Last Updated on March 18, 2021 by Michelle Ball
By Michelle Ball, California Education Attorney for Students since 1995
School expulsions seem to be everywhere now. Expulsion hearings are very important, and parents need to know their rights. One of these rights is the right to request that subpoenas be issued to potential witnesses when a school expulsion is pending.
The right to subpoena witnesses (order to appear before a body or face consequences) is an important part of our judicial system. Courts and other agencies must be able to hear the complete case, listen to all the evidence, and see if the “story” turns out to be true. This subpoena right also exists in the context of school expulsion hearings, but the subpoena power rests with the school district in question.
California Education Code section 48918(i)(1) states as follows:
“Before the hearing has commenced, the governing board may issue subpoenas at the request of either the superintendent of schools or the superintendent’s designee or the pupil, for the personal appearance of percipient witnesses at the hearing. After the hearing has commenced, the governing board or the hearing officer or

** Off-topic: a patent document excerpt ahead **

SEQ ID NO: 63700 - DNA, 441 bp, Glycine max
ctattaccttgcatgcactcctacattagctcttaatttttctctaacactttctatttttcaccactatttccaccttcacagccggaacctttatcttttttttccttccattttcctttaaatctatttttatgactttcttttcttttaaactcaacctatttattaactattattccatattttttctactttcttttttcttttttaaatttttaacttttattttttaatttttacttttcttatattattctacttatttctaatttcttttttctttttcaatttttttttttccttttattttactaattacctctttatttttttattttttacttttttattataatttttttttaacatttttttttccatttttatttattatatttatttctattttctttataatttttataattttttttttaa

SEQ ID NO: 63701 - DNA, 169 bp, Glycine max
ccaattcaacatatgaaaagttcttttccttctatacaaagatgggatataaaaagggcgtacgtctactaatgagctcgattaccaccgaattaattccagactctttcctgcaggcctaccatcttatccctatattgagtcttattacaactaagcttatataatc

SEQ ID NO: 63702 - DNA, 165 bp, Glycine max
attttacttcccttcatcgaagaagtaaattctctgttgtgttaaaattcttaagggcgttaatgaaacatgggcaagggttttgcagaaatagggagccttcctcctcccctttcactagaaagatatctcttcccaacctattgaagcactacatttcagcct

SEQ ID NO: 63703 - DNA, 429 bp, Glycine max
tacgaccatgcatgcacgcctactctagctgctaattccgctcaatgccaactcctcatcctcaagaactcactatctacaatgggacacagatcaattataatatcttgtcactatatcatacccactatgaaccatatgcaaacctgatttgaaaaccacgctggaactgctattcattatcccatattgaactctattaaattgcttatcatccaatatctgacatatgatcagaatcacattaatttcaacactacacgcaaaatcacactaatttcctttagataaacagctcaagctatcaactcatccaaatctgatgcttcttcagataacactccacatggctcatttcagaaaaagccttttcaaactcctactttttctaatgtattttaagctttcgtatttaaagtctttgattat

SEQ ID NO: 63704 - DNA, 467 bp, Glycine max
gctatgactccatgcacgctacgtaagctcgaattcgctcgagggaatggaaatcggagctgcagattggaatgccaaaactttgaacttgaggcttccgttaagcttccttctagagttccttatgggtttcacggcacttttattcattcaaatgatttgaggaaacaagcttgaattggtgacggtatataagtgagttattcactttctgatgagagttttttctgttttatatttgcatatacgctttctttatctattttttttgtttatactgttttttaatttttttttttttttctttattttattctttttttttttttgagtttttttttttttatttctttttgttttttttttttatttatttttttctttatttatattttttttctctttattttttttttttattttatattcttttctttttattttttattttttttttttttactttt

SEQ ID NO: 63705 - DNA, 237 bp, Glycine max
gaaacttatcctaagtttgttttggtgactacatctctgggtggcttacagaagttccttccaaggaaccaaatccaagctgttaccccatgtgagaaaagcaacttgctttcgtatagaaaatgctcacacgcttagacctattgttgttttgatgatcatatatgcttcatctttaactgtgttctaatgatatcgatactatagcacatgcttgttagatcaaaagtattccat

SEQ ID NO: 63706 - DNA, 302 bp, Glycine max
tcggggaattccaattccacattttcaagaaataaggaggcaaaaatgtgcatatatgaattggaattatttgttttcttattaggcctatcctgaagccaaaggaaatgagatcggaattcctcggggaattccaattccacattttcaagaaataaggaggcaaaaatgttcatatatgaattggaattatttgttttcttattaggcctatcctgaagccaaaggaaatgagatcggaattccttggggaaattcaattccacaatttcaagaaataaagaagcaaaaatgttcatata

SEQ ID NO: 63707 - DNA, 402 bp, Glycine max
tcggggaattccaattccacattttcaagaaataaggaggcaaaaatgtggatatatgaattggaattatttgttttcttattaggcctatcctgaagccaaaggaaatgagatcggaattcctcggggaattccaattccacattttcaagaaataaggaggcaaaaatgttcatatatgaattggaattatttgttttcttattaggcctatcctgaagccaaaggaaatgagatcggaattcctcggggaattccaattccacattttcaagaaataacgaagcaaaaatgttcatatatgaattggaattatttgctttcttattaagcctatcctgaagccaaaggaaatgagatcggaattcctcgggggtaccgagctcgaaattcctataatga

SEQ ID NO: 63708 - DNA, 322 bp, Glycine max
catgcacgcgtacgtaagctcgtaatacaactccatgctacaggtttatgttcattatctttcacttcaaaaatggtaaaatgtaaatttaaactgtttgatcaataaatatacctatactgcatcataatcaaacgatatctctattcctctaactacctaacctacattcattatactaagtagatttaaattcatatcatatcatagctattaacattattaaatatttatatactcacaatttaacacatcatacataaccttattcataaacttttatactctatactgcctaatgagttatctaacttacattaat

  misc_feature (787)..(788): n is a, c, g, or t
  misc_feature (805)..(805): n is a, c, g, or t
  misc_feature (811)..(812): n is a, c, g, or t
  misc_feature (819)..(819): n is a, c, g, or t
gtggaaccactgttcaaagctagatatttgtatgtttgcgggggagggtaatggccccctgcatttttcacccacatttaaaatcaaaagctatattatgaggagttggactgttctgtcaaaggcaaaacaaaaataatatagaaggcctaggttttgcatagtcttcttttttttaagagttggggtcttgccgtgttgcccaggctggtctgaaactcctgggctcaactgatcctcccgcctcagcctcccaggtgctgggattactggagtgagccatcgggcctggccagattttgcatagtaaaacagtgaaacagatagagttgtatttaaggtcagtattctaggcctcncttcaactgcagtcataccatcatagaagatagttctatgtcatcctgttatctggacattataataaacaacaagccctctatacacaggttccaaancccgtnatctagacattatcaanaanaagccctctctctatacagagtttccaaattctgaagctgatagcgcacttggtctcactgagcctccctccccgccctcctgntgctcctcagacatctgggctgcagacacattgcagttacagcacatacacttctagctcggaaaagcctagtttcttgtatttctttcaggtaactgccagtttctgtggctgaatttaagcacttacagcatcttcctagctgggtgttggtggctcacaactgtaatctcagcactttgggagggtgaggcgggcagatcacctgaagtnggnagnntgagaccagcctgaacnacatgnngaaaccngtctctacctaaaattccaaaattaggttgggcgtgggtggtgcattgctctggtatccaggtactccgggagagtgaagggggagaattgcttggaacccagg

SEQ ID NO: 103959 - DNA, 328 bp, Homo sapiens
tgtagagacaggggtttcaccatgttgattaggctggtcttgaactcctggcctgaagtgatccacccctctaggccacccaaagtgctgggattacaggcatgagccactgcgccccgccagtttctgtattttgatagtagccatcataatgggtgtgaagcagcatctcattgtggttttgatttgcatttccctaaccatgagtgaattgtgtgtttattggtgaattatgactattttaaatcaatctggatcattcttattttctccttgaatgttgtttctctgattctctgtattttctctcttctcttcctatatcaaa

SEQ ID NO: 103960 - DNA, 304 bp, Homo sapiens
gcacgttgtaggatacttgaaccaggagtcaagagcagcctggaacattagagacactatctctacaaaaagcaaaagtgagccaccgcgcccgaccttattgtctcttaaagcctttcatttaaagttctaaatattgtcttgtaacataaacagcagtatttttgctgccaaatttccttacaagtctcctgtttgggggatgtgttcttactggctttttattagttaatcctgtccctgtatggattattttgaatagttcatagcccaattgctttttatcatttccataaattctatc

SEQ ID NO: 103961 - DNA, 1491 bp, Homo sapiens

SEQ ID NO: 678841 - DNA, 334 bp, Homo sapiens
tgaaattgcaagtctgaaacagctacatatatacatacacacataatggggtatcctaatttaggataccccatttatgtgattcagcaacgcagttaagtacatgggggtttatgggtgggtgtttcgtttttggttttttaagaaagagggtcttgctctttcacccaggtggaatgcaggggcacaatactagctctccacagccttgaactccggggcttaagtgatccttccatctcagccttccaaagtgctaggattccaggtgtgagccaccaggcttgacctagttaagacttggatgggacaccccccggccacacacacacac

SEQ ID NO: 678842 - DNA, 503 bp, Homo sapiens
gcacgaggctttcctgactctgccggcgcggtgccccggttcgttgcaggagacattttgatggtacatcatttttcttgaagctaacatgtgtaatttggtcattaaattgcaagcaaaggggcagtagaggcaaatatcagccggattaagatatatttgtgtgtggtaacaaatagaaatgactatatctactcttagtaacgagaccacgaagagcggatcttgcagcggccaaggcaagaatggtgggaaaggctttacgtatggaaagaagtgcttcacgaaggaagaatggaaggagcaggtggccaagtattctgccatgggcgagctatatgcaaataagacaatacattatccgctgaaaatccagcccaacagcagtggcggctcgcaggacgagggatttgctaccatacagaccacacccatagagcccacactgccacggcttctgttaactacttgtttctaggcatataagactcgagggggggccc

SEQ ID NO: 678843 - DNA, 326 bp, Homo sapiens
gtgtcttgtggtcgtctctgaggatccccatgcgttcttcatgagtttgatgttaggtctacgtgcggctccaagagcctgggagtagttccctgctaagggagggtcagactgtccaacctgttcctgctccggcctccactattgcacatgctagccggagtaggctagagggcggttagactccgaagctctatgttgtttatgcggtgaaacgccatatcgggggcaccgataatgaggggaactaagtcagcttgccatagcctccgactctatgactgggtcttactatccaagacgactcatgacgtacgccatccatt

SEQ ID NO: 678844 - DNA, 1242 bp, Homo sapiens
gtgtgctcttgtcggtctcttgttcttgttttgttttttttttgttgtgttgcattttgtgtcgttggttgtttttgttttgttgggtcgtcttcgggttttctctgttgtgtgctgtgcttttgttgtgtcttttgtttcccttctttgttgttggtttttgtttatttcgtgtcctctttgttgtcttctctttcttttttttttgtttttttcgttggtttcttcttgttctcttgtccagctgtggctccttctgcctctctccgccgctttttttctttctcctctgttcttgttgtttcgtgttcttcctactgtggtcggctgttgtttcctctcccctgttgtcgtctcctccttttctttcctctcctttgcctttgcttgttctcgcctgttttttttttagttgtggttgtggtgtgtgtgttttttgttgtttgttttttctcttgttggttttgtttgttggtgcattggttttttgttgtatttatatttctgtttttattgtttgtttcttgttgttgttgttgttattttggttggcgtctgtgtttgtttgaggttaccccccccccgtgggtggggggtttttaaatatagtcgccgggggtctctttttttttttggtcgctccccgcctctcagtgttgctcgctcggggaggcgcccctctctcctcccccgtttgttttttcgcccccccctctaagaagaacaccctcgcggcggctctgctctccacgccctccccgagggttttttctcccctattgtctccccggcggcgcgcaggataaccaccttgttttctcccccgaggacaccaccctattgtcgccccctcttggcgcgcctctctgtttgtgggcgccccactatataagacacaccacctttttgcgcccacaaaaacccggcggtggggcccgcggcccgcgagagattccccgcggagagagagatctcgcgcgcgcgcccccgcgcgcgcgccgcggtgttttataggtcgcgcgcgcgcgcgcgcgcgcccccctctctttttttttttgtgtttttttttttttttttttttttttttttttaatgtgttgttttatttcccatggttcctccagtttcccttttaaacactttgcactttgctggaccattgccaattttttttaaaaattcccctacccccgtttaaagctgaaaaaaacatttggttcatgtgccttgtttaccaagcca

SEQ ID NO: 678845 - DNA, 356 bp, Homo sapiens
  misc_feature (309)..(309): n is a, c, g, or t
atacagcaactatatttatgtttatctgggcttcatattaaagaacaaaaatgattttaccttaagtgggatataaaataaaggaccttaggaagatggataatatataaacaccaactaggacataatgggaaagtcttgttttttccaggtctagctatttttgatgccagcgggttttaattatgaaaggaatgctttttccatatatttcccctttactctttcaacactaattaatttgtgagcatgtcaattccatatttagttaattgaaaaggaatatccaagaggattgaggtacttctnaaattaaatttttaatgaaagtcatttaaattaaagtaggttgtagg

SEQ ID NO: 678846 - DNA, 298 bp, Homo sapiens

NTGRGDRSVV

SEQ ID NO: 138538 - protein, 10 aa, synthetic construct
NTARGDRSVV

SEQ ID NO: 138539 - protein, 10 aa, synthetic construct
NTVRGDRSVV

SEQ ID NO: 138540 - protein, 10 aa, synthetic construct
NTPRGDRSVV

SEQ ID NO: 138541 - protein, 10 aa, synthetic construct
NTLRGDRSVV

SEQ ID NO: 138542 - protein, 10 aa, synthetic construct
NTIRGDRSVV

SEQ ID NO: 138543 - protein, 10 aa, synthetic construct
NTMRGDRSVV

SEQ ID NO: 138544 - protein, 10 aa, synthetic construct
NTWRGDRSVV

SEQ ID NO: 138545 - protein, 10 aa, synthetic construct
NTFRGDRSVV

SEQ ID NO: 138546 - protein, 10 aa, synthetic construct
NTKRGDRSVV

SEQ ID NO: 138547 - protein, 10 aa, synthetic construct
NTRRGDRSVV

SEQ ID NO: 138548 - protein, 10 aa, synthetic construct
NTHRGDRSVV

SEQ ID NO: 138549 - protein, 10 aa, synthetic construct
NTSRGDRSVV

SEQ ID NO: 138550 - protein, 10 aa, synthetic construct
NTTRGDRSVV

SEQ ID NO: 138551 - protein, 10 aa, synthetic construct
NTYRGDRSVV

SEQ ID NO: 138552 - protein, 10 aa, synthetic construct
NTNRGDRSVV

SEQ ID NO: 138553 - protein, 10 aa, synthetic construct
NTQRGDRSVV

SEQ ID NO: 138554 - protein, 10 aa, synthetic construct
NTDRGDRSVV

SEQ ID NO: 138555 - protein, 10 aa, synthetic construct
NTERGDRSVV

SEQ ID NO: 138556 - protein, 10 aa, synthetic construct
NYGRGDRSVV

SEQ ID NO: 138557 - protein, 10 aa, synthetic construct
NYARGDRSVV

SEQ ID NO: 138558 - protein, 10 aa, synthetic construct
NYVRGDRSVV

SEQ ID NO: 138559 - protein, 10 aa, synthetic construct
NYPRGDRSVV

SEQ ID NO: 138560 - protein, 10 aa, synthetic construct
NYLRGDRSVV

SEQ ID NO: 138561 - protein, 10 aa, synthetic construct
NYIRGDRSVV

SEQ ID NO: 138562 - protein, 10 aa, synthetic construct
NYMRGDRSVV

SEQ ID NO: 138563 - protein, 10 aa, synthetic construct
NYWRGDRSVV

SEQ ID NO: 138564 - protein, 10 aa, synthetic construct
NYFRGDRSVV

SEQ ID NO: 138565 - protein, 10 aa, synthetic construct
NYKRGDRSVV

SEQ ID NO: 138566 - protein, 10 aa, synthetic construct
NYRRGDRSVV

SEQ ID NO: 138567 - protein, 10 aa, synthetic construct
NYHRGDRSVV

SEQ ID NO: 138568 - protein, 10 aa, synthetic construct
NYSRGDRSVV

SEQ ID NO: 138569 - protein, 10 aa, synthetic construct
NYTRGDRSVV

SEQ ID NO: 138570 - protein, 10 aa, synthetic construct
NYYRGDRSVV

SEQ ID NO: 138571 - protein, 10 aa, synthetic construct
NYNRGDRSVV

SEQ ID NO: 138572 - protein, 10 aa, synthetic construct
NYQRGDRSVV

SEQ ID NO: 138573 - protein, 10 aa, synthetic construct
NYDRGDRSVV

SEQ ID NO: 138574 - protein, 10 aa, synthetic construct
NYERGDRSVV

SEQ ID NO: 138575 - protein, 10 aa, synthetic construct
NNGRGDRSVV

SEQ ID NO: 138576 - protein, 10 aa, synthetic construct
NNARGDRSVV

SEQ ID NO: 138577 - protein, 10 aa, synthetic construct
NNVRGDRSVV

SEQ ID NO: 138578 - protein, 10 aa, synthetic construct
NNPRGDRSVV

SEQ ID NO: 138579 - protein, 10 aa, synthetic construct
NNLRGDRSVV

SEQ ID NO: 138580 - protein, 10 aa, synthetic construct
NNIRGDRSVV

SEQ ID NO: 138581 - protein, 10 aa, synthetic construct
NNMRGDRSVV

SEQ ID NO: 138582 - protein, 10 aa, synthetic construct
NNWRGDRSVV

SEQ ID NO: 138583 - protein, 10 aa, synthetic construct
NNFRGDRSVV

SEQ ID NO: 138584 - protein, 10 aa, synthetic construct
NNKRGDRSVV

administrative panel may, upon request of either the county superintendent of schools or the superintendent’s designee or the pupil, issue subpoenas…”
What this means is that parents may request that the district involved issue subpoenas for any actual witnesses who may have seen what occurred. So, if Johnny is alleged to have stolen money and there was a witness, parents may ask that that person be ordered to testify at the hearing. Often districts do NOT subpoena witnesses unless a parent asks them to. Rather, districts instead attempt to get a child expelled based on sworn statements alone with no direct testimony. This could cause trouble for a district on appeal if there is no confession.
If there is an important witness who will help the child’s case, parents cannot expect the district involved to subpoena that person. In fact, why would the district want to subpoena them as it would ruin their case?! As such, parents need to actually request that witnesses be subpoenaed by the district in advance. If the district will not issue the subpoenas, well that is another story for another day and a potential appeal to the board looms. Chances are that most districts will subpoena witnesses when this is requested by parents.
This all may be confusing, so don’t go it alone. Parents, if you don’t know your rights, bring someone in who does…
Education Attorney for Students
LAW OFFICE OF MICHELLE BALL
717 K Street, Suite 228
Sacramento, CA 95814
Please see my disclaimer. This is legal information, not legal advice and no attorney-client relationship is formed by this posting. This blog may not be reproduced without permission from the author and proper attribution of authorship. This blog may not reflect the current state of the law.